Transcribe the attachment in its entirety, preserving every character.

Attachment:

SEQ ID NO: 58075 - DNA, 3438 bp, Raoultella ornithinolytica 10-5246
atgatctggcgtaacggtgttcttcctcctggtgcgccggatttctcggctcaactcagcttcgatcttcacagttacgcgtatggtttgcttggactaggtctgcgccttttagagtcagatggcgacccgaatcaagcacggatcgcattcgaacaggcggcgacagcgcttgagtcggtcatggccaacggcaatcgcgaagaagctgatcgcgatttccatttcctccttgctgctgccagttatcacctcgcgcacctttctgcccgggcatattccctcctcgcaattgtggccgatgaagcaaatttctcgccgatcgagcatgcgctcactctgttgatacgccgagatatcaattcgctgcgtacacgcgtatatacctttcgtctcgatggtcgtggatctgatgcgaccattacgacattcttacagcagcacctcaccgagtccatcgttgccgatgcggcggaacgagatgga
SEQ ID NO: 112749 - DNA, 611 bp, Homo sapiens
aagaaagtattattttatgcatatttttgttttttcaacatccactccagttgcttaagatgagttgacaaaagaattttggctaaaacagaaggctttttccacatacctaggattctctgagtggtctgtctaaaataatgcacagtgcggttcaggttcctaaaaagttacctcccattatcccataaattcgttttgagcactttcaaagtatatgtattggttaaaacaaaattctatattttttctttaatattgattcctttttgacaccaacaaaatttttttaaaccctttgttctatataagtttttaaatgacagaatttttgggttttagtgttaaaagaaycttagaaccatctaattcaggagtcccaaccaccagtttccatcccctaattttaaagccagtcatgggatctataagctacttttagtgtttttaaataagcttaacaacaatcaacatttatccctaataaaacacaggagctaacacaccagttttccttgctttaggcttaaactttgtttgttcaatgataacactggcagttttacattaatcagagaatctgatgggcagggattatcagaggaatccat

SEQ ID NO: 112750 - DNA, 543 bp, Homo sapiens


SEQ ID NO: 58075 - DNA, 3438 bp, Raoultella ornithinolytica 10-5246
atgatctggcgtaacggtgttcttcctcctggtgcgccggatttctcggctcaactcagcttcgatcttcacagttacgcgtatggtttgcttggactaggtctgcgccttttagagtcagatggcgacccgaatcaagcacggatcgcattcgaacaggcggcgacagcgcttgagtcggtcatggccaacggcaatcgcgaagaagctgatcgcgatttccatttcctccttgctgctgccagttatcacctcgcgcacctttctgcccgggcatattccctcctcgcaattgtggccgatgaagcaaatttctcgccgatcgagcatgcgctcactctgttgatacgccgagatatcaattcgctgcgtacacgcgtatatacctttcgtctcgatggtcgtggatctgatgcgaccattacgacattcttacagcagcacctcaccgagtccatcgttgccgatgcggcggaacgagatgga
SEQ ID NO: 112749 - DNA, 611 bp, Homo sapiens
aagaaagtattattttatgcatatttttgttttttcaacatccactccagttgcttaagatgagttgacaaaagaattttggctaaaacagaaggctttttccacatacctaggattctctgagtggtctgtctaaaataatgcacagtgcggttcaggttcctaaaaagttacctcccattatcccataaattcgttttgagcactttcaaagtatatgtattggttaaaacaaaattctatattttttctttaatattgattcctttttgacaccaacaaaatttttttaaaccctttgttctatataagtttttaaatgacagaatttttgggttttagtgttaaaagaaycttagaaccatctaattcaggagtcccaaccaccagtttccatcccctaattttaaagccagtcatgggatctataagctacttttagtgtttttaaataagcttaacaacaatcaacatttatccctaataaaacacaggagctaacacaccagttttccttgctttaggcttaaactttgtttgttcaatgataacactggcagttttacattaatcagagaatctgatgggcagggattatcagaggaatccat

SEQ ID NO: 112750 - DNA, 543 bp, Homo sapiens